Gettysburg doesn’t seem one-dimensional, however. In his Sunland Derby prior, Gettysburg also broke from the extreme outside but the Winstar Farm colt stalked the pace and was able to narrow the gap late, placing second to Collected who returned to win Saturday’s Lexington Stakes.

An aside: When Ken Ramsey was tired of losing Big Blue Kitten’s winning chances because of routinely slow-paced turf routes, he went out and bought himself a rabbit, Shining Copper. After doing so, he announced his pace-setting intentions every time, even if Shining Copper raced uncoupled for trainer Chad Brown.

In the Arkansas Derby, Winstar started horses saddled by Pletcher and Steve Asmussen, trainer of the winning Creator.

As I watched the pace develop and saw that Velazquez would not allow Martin Garcia take the lead, I glanced back at Santana and Creator, lonesome last and not in any hurry, as if assured that the pace would be fast.

“Steve told me to be patient, be patient,” Santana said post-race.

“He ran hard, really hard, said Winstar president and C.E.O, Elliott Walden.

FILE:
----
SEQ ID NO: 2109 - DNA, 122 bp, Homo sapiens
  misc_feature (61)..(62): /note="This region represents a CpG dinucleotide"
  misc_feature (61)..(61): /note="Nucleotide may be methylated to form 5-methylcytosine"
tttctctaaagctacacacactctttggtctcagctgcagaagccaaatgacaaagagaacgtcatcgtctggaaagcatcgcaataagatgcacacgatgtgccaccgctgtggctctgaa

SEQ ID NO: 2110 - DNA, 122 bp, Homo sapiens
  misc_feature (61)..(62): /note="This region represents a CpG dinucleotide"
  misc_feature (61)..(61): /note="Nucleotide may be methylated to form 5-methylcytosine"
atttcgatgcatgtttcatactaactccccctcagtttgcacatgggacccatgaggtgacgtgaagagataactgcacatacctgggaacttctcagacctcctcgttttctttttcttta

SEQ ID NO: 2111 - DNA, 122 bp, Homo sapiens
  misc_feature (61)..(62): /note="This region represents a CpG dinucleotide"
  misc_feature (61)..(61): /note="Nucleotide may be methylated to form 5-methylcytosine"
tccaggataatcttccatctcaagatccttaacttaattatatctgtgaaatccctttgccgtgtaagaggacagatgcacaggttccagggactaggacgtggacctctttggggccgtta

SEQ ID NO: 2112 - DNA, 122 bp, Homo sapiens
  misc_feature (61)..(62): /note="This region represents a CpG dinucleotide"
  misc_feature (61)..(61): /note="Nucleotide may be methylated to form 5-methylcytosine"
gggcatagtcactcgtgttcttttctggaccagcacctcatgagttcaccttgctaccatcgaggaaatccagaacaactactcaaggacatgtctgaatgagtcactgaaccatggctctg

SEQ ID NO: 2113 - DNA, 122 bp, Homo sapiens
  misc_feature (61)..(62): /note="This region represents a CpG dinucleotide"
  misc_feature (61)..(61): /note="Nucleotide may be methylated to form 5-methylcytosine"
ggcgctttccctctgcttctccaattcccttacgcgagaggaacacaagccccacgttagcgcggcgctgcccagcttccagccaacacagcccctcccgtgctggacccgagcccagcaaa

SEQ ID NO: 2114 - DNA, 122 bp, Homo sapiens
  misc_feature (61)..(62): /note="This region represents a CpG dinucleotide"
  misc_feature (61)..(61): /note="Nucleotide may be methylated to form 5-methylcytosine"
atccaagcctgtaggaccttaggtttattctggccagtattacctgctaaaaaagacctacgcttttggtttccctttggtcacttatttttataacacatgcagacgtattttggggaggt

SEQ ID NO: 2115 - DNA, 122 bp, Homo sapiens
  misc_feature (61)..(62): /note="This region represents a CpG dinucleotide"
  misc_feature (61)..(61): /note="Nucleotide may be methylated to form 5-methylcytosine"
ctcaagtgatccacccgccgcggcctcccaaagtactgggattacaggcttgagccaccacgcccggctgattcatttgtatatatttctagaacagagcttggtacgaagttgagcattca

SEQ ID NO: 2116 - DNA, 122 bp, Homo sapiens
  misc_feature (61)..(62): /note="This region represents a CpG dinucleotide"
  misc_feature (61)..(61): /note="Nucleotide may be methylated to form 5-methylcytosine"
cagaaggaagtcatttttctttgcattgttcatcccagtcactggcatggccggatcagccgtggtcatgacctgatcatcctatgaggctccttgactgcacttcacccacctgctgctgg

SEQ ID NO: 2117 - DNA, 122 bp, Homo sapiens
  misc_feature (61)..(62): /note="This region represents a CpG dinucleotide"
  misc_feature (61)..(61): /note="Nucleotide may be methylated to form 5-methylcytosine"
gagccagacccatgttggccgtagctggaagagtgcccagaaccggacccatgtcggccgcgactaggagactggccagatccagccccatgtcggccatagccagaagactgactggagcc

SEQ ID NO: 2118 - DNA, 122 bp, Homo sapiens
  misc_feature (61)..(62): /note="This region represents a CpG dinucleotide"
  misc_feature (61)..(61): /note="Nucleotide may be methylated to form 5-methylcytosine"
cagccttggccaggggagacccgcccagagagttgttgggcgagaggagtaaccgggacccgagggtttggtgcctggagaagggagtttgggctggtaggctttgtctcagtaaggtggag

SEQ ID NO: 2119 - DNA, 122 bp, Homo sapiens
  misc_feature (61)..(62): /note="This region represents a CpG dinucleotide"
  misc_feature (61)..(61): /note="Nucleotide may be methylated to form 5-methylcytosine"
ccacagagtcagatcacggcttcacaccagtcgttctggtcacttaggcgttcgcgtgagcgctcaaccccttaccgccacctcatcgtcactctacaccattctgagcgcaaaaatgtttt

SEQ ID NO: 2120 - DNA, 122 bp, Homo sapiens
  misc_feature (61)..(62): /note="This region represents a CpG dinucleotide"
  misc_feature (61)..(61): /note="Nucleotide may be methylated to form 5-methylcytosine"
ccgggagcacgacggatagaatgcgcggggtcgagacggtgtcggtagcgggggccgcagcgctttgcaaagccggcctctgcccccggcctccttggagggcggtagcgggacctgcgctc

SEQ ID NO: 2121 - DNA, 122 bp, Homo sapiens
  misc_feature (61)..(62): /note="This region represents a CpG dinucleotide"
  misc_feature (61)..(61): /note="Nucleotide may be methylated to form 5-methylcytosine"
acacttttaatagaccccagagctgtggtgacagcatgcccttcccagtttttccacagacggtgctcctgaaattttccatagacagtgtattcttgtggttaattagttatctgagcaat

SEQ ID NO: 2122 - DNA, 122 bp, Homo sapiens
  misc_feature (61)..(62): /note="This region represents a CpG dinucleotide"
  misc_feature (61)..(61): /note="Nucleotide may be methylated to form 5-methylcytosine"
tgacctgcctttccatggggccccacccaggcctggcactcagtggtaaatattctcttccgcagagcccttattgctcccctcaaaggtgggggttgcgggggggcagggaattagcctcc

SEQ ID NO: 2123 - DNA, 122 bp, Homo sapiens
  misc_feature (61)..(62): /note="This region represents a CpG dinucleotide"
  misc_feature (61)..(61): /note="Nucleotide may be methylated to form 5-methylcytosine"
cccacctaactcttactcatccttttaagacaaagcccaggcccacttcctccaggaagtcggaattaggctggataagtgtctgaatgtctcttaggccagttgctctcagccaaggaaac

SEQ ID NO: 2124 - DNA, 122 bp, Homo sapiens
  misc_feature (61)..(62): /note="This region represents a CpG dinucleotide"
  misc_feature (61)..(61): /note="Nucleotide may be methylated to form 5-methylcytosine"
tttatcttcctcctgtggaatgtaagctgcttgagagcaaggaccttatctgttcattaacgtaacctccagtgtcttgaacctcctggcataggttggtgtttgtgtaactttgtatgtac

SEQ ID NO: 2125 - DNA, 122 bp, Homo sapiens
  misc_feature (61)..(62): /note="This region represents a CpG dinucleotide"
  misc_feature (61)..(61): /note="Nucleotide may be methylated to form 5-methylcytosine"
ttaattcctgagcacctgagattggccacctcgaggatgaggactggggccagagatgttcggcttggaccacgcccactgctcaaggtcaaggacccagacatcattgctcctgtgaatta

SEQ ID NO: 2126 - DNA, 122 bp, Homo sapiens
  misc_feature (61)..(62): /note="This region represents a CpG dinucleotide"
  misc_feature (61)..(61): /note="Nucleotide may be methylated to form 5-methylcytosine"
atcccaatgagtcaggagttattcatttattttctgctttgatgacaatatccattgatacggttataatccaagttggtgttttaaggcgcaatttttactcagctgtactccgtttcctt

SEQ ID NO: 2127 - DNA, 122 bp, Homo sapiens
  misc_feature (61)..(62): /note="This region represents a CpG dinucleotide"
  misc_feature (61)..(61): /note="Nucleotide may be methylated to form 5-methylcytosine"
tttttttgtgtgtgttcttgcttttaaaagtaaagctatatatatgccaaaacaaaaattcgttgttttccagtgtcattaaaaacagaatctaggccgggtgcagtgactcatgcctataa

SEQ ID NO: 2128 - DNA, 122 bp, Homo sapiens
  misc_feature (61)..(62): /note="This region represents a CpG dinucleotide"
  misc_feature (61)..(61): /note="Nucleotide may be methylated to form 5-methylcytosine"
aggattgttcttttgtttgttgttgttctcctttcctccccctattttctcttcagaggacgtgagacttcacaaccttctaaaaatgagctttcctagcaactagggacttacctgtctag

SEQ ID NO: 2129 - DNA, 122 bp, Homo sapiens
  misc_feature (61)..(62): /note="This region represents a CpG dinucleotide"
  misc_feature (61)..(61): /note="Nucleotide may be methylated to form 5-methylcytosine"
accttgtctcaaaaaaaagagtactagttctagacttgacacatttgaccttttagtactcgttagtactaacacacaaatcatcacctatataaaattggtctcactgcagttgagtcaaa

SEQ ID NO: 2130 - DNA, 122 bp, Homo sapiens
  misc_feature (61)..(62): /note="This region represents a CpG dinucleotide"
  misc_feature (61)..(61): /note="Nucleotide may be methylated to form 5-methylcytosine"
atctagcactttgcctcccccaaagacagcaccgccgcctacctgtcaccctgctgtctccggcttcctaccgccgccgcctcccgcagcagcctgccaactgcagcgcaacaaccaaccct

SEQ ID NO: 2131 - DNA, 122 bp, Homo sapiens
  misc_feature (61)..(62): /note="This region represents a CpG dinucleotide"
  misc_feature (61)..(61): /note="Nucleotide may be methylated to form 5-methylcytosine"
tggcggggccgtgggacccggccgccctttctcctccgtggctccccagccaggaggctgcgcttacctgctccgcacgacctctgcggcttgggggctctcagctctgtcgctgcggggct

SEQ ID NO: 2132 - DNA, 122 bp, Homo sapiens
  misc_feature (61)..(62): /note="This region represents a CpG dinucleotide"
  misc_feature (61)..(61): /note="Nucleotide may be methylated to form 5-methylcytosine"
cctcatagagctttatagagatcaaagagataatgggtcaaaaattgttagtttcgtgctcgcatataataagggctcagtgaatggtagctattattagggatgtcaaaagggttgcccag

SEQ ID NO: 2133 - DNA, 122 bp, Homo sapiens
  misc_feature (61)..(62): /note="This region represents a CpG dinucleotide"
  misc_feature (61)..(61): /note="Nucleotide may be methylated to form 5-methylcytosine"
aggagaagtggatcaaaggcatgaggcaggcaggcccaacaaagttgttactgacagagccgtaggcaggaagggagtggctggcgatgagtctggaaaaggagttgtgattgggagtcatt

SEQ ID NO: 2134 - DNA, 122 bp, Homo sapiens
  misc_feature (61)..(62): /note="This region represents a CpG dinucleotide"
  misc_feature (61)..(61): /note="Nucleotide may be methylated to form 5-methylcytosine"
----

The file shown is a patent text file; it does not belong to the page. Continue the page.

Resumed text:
“I know Martin wanted to get him in the clear, said Cupid’s assistant trainer, Jim Barnes. “He got in the clear and they were rolling right along. I think the fractions probably took a toll on us.”

To Creator’s benefit.

Asmussen showed Hall of Fame patience training the highly strung Tapit colt, who didn’t break maiden until his sixth start lifetime start, only fourth on dirt. He had never run in a sprint. “The maiden races were experience,” Walden explained. “That’s why we didn’t have any problem going into the Rebel.”

And maybe that’s why he will be well equipped to handle 19 expected Kentucky Derby rivals, having faced fields of 11, 13, and 11 rivals, respectively, in his last three starts.

Run under ideal conditions, Creator is unlikely to need help from a fast, pace-setting stablemate. His mate in the Derby will be Gun Runner, not a speed type. But I could be wrong about using uncoupled mates as stalking horses in stakes. “Sometimes you’re wrong,” states Gibbs Rule #51.

At Churchill Downs, the tandem will run--what else--uncoupled in the wagering.

Written by John Pricci

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Tuesday, March 08, 2016


Rick Porter, Just Continue to Say No


HALLANDALE BEACH, FL, March 7, 2016—Unintentionally, Songbird, and her exclusion from the initial NTRA Kentucky Derby poll but inclusion in HRI’s rankings until late Triple Crown nominations close March 20—has become a lightning rod of sorts.